Expose Lies On Resumes
Purpose: Learn about the new Polygraph for management hires
His heart dropped when he saw his boss from his current company walk into the interview room with his prospective new employer. In a flash, every exaggeration on his resume was known. All of the excitement of a new and better-paying position instantly vanished.
That meeting ended quickly with an exchange of courtesies and a kind rejection. The interviewer walked back to her office frustrated at the amount of time and effort she had invested into this candidate. She had been excited about his strong resume and test results and happier yet that the exhausting search process was nearly over. At the same time, she was glad to know now about his weaknesses. They certainly would have cost her company a great deal more time, money and frustration if she had hired him.
70% of Resumes Can’t Be Trusted
Research shows that 70% of the resumes on your desk right now contain fabrications and exaggerations. And it’s not just for that sales or middle management job. An executive search firm reported that after reviewing thousands of resumes the top three lies were the number of years in a position, personal accomplishments, and the size of the organizations they’ve managed. Look at the people you’ve already hired to staff your company. I’m not suggesting that you distrust them, but that same 70% applies to the resumes you looked at last year too.
It is no wonder that the 80/20 rule is in effect at your company and on your team. Despite all of the testing, analyzing, interviewing, screening, background checks and gut feels, you would still like someone more effective in 80% of the positions of your company. That is true for your upper management also. You’d like to see 80% of them hit the road and be replaced by people with abilities and values that mirror those of the 20% that produce 80% of the results.
Avoid The Costly Hiring Mistake You’re About to Make It’s enough to make you cry, because you simply want someone who can handle the responsibilities of the job, and you’ll gladly pay well for their services. To complicate the matter, when considering upper management and executive staff, a great deal of their responsibility is as a leader. You are no longer looking for a technical expert, whose abilities are easily graded; you are now in that horribly grey area called soft-skills. Can you truly evaluate leadership skills and a person’s ability to operate effectively under stress from a resume, interviews and personality tests?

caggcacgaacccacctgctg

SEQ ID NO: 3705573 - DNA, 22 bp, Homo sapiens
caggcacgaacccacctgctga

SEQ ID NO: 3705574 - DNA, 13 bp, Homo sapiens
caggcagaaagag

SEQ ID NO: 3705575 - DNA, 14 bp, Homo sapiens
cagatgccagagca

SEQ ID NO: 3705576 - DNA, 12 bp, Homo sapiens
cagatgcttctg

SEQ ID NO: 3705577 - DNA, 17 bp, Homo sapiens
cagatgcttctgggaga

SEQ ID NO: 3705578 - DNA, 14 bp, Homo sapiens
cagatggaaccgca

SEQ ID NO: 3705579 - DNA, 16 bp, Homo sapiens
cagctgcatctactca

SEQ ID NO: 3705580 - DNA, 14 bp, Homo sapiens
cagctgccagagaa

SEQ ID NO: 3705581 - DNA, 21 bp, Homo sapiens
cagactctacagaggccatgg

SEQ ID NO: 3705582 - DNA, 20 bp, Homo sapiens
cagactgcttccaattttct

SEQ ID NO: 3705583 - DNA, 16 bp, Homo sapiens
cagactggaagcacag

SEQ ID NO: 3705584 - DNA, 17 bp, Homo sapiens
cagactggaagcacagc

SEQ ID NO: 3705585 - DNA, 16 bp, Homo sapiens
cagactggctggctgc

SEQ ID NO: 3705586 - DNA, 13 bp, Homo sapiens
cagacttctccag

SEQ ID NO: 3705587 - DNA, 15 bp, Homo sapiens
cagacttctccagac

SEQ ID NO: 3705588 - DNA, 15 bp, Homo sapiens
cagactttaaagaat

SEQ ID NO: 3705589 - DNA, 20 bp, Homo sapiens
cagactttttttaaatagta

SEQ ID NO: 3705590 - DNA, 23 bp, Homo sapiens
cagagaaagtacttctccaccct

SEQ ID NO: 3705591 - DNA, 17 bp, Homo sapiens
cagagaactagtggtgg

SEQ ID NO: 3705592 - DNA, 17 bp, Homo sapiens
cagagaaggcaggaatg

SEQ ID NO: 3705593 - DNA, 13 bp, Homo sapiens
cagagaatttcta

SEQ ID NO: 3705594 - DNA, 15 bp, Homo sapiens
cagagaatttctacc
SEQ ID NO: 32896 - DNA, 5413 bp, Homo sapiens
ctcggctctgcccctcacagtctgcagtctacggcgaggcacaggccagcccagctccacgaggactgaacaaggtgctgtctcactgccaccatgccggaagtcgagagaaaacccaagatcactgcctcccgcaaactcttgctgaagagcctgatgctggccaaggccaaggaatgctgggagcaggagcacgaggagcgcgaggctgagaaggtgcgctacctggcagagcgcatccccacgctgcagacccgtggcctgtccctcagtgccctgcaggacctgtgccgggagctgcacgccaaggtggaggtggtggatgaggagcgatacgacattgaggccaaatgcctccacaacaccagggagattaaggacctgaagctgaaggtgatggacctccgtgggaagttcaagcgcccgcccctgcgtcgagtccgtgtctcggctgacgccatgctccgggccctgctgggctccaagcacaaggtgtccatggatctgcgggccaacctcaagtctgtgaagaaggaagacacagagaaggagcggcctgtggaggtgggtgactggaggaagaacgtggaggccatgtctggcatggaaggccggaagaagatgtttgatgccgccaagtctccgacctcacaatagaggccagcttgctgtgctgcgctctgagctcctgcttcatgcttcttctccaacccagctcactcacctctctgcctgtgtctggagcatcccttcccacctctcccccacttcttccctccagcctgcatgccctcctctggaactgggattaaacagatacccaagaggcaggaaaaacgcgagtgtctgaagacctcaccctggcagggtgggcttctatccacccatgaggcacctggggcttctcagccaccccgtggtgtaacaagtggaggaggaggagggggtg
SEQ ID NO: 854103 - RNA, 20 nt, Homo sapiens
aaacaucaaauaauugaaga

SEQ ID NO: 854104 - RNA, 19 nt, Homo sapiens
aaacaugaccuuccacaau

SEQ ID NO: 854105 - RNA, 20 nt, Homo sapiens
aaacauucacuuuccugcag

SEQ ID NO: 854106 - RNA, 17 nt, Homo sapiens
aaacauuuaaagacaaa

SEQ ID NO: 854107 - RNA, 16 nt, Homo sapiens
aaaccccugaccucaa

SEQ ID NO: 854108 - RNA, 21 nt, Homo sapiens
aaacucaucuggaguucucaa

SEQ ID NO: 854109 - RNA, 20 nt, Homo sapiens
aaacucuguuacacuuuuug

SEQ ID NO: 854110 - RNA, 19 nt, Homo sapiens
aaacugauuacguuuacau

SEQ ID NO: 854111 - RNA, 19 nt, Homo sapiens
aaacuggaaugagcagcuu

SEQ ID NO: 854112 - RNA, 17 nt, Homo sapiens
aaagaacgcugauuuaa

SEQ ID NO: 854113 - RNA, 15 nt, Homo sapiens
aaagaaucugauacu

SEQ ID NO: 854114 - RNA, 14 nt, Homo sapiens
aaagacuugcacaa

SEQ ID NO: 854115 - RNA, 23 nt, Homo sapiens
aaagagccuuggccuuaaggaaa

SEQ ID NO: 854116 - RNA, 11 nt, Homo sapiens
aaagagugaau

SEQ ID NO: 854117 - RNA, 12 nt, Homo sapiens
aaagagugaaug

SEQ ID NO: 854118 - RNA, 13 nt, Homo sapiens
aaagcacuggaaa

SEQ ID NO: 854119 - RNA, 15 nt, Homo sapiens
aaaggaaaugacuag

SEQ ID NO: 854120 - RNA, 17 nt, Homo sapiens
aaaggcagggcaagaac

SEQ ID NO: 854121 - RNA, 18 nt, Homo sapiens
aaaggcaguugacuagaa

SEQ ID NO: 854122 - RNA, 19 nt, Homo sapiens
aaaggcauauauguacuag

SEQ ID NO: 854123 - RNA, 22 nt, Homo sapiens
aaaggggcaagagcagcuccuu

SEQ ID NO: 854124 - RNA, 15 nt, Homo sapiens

Look around you for the evidence.
What’s worse is that despite the gross volume of different paper tests, interview techniques and evaluation tools, you are still making mistakes in your hiring decisions. Yet, these mistakes are easily identified in advance, but not by using the existing passive methods. The wrong hiring decisions cost you enormous amounts of money and frustration and resulting inefficiencies. Studies show that the cost of turnover is three times the annual salary of the replaced employee. However, if you could make more informed hiring decisions, especially when filling your higher-paid leadership positions; it will have the opposite effect. You begin to reap monetary and efficiency benefits in an upward spiral.
What is needed is an advanced evaluation tool. You verify that someone can swim by putting them into the pool. You verify that someone can lead by putting them into a real leadership scenario. Like the pool the characteristics of the leadership scenario don’t have to match the job exactly. To swim, you need enough water over a long enough distance. To lead, you need a task, a team, real stress and real consequences like the kind found in the Leading Concept’s Ranger TLC Experience.
Use This Polygraph to Identify the Real Leader This leadership scenario is your new polygraph, and it’s legal. It’s like having the candidate’s old boss sitting at your side pointing out exaggerations and lies. Putting your top management candidates into this leadership scenario and evaluating them gives you the ability, in conjunction with the other tools, to avoid costly mistakes and have trust and confidence in the people you do hire.
To learn more about how immersion team building and leadership training can help you visit: http://www.leadingconcepts.com
Copyright 2005 Brace E. Barber
Brace E. Barber works extensively with
Leading Concepts, Inc. (http://www.LeadingConcepts.com) in the
field of immersion soft-skill training with a focus on how to
develop leaders, who are prepared for and can succeed under
stressful circumstances. He is the author of the book No Excuse